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Plasma orexin-A level associated with physical activity in obese people

  • Yuan-yuan Hao
  • Hong-wang Yuan
  • Peng-hua Fang
  • Yu Zhang
  • Yue-xia Liao
  • Chen Shen
  • Dan Wang
  • Ting-ting Zhang
  • Ping BoEmail author
Original Article

Abstract

Objective

To measure the amount of physical activity (PA) among obese adults, investigate the association between plasma orexin-A level and PA patterns, and explore the effect of orexin on the prevention and control of obesity.

Methods

Interviews were conducted in 218 participants (106 obese; 73 overweight; and 39 normal) who ranged in age between 18 and 70 years using a survey that included sociodemographic variables. The International Physical Activity Questionnaire (IPAQ-long version) was used to measure PA. A total of 178 participants agreed to submit blood sample collections, and plasma orexin-A content was measured by ELISA testing.

Results

The average level of orexin-A was 85.34 ± 42.85 ng/L in the obese group, 97.38 ± 36.72 ng/L in the overweight group, and 106.56 ± 52.09 ng/L in the control group, which was significantly different (P = 0.03). The concentration of plasma orexin-A correlated with the total PA (P = 0.000), moderate PA (obese = 0.007; overweight: P = 0.000; control: P = 0.000), and walking PA (P = 0.000) in all three groups. Working and domestic PAs were significantly associated with the plasma orexin-A level (P < 0.0001).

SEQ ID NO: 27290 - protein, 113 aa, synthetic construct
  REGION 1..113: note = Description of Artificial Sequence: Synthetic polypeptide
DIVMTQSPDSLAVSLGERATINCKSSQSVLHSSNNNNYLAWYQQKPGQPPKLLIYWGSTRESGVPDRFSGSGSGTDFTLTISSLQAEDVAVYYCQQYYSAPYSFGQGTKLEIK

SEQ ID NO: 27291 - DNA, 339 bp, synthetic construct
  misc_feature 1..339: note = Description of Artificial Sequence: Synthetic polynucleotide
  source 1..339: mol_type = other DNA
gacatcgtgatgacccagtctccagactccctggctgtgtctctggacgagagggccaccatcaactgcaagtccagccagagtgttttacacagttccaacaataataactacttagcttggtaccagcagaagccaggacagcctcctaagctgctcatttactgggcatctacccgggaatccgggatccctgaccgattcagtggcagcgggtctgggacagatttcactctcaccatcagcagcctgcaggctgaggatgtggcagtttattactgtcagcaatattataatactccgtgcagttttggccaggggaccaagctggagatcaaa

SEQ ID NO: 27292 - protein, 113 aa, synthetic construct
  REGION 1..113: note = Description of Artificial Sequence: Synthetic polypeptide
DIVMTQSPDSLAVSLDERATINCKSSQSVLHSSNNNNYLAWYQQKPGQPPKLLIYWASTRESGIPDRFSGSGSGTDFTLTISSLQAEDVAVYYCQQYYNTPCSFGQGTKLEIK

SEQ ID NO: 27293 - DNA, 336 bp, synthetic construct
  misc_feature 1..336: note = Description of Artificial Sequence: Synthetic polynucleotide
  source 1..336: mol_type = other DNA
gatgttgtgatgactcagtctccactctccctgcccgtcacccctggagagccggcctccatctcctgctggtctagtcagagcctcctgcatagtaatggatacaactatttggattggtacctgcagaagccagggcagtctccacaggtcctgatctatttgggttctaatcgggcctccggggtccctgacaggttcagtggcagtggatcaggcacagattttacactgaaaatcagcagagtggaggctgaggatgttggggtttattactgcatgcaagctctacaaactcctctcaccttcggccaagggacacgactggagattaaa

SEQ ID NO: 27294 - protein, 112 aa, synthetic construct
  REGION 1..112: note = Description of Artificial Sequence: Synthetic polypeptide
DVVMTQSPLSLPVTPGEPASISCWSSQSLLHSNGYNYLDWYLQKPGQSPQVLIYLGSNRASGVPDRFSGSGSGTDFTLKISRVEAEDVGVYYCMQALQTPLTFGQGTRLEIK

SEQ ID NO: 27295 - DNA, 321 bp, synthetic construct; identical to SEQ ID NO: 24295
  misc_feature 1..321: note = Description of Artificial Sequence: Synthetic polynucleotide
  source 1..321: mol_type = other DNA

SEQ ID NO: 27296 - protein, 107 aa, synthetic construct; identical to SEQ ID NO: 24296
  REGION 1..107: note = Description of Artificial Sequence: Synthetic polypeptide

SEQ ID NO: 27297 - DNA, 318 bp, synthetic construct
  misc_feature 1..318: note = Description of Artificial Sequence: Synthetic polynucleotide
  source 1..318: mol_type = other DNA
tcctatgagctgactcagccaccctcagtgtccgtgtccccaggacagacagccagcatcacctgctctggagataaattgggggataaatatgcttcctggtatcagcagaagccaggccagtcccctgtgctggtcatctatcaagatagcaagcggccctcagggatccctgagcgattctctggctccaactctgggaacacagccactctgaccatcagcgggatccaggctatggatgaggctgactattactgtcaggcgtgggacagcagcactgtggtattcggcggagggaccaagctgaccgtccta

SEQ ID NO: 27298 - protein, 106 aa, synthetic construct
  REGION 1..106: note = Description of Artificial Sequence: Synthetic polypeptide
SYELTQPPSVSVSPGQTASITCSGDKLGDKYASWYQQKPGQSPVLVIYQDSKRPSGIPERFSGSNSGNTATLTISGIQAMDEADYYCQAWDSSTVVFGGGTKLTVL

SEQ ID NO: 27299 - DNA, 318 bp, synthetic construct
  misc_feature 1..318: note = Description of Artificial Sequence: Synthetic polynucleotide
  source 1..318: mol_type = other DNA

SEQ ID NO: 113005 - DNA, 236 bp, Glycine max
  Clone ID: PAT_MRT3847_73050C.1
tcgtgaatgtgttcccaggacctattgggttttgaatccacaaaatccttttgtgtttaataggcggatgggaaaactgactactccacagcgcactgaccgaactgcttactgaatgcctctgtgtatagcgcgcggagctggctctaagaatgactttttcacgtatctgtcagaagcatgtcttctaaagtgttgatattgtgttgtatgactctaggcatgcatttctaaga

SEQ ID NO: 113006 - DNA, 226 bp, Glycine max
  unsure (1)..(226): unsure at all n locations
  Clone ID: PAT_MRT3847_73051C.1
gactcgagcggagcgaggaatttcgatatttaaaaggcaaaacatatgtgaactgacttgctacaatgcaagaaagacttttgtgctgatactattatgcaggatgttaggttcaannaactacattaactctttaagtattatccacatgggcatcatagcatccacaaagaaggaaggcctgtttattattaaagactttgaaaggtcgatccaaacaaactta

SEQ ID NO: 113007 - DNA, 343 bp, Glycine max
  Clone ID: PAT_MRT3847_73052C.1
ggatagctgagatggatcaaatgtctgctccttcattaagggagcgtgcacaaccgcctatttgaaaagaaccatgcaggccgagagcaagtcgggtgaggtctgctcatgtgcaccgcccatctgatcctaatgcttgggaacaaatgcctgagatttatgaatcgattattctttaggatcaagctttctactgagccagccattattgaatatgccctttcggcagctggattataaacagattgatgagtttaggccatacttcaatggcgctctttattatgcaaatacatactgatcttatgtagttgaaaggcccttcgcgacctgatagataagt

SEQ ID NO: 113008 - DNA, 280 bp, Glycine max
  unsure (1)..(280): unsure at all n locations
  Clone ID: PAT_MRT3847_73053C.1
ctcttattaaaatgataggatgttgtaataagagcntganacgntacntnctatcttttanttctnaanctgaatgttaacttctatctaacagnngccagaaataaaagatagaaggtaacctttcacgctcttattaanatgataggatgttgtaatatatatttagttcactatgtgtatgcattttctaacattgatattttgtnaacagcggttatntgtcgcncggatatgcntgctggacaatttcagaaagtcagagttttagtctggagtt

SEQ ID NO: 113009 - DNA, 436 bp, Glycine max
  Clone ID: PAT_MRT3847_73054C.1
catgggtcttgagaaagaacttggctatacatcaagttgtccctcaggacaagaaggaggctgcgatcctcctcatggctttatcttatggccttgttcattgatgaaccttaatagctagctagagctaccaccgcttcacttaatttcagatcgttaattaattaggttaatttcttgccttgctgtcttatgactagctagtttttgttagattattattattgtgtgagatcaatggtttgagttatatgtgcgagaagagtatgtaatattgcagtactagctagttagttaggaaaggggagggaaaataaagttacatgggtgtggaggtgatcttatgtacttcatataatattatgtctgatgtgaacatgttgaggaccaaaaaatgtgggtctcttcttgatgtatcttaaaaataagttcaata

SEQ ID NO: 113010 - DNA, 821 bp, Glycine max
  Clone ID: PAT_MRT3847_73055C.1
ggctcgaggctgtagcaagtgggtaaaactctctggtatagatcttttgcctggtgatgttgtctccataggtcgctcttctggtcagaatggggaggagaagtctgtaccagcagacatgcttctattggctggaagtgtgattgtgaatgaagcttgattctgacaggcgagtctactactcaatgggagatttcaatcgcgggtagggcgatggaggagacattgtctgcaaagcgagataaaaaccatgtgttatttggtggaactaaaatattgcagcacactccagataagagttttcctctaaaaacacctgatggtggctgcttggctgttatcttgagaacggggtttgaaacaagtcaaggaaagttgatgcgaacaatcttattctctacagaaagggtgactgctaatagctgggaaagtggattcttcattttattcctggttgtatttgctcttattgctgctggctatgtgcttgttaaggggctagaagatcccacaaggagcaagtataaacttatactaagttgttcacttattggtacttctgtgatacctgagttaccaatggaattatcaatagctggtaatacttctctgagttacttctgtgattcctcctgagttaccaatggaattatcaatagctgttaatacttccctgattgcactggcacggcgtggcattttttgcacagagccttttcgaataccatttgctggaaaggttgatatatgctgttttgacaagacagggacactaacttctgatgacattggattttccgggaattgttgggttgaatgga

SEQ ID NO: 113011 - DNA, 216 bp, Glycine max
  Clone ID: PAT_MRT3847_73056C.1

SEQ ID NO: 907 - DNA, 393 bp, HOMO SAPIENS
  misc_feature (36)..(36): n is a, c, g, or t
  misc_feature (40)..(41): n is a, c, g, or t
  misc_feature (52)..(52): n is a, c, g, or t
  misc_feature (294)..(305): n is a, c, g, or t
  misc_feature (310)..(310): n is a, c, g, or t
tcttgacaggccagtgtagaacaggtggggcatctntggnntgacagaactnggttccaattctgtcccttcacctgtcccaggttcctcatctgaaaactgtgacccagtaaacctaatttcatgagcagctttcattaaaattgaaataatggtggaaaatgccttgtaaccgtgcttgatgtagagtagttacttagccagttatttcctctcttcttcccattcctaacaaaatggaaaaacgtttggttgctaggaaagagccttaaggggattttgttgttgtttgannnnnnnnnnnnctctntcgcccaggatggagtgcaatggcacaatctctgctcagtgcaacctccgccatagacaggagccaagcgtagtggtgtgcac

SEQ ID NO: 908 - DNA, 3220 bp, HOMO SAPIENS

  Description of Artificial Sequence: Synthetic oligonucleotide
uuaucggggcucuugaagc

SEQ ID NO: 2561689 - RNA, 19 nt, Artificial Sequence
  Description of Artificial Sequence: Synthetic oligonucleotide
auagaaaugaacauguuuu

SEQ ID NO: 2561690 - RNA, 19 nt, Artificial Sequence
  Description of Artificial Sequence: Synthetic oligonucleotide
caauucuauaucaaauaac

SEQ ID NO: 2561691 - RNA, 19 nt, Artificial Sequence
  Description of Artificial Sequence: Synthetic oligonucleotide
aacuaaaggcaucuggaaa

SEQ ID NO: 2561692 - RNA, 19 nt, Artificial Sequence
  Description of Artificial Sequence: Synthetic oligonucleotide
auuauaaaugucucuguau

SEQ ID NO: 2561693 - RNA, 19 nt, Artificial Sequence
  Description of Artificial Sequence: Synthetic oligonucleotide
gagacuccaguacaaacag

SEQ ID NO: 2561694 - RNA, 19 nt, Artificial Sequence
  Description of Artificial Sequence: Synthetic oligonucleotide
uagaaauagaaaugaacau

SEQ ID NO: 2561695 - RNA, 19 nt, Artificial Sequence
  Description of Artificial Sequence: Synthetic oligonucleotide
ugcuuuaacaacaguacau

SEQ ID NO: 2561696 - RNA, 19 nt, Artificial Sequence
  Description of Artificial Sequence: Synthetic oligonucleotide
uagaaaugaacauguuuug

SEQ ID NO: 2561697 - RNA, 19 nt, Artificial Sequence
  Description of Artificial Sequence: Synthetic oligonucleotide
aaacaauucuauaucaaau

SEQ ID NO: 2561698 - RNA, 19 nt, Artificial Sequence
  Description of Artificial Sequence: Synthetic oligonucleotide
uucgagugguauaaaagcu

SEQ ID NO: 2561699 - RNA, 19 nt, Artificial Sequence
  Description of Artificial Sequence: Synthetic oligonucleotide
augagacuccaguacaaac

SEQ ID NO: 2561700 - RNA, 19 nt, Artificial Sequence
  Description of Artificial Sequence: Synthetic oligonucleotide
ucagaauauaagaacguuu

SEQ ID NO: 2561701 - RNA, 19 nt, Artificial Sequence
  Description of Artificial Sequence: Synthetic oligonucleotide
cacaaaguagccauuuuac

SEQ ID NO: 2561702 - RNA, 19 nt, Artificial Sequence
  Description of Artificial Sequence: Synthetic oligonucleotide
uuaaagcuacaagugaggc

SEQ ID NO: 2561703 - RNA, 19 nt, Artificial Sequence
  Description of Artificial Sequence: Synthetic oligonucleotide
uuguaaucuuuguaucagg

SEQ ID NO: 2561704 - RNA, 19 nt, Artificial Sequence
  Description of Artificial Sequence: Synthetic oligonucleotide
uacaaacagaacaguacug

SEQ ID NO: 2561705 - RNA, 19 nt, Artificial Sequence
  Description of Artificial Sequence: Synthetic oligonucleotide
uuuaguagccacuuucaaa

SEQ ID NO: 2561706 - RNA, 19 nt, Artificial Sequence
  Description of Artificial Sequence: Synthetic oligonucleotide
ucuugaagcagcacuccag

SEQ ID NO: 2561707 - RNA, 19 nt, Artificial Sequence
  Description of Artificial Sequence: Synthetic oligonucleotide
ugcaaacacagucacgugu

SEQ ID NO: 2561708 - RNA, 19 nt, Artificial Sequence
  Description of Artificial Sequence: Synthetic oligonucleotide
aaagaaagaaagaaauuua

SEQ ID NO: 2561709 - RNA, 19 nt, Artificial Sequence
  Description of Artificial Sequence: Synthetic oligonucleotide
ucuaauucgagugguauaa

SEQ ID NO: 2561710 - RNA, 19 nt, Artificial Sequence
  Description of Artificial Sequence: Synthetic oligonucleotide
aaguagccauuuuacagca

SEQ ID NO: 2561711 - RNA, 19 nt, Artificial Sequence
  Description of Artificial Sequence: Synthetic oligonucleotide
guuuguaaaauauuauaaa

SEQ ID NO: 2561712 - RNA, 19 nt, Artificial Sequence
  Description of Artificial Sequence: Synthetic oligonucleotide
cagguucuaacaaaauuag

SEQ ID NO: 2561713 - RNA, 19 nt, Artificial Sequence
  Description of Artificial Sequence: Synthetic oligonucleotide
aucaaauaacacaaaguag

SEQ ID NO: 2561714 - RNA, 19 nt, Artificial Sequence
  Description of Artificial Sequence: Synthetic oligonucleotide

Conclusions

The plasma orexin-A level was associated with PA in obese and overweight people, including many aspects of daily life, such as working, domestic work, and walking especially.

Keywords

Orexin-A Physical activity Obesity 

Notes

Acknowledgments

We thank the Chinese medicine integrated with Western medicine Lab for supporting the experimental techniques. This study was supported by the Natural Science Foundation of China (Grant number: 81173392).

Compliance with ethical standards

Funding

National Natural Science Foundation of China (No. 81173392).

Conflict of interest

The authors declare that there is no conflict of interests regarding the publication of this article.

Ethical approval

All procedures performed in this study involving human participants were in accordance with the ethical standards of the committee of School of Medicine of Yangzhou University and with the 1964 Helsinki declaration and its later amendments.

Informed consent

Informed consent was obtained from the patient included in the case report.

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Copyright information

© Springer International Publishing Switzerland 2016

Authors and Affiliations

  • Yuan-yuan Hao
    • 1
  • Hong-wang Yuan
    • 1
  • Peng-hua Fang
    • 1
  • Yu Zhang
    • 1
  • Yue-xia Liao
    • 1
  • Chen Shen
    • 2
  • Dan Wang
    • 3
  • Ting-ting Zhang
    • 1
  • Ping Bo
    • 1
    Email author
  1. 1.School of MedicineYangzhou UniversityYangzhouThe People’s Republic of China
  2. 2.Pediatric Cardiothoracic Surgical Department of Jiangsu Province HospitalNanjingThe People’s Republic of China
  3. 3.Colorectal Surgical Department of Jiangsu Province HospitalNanjingThe People’s Republic of China

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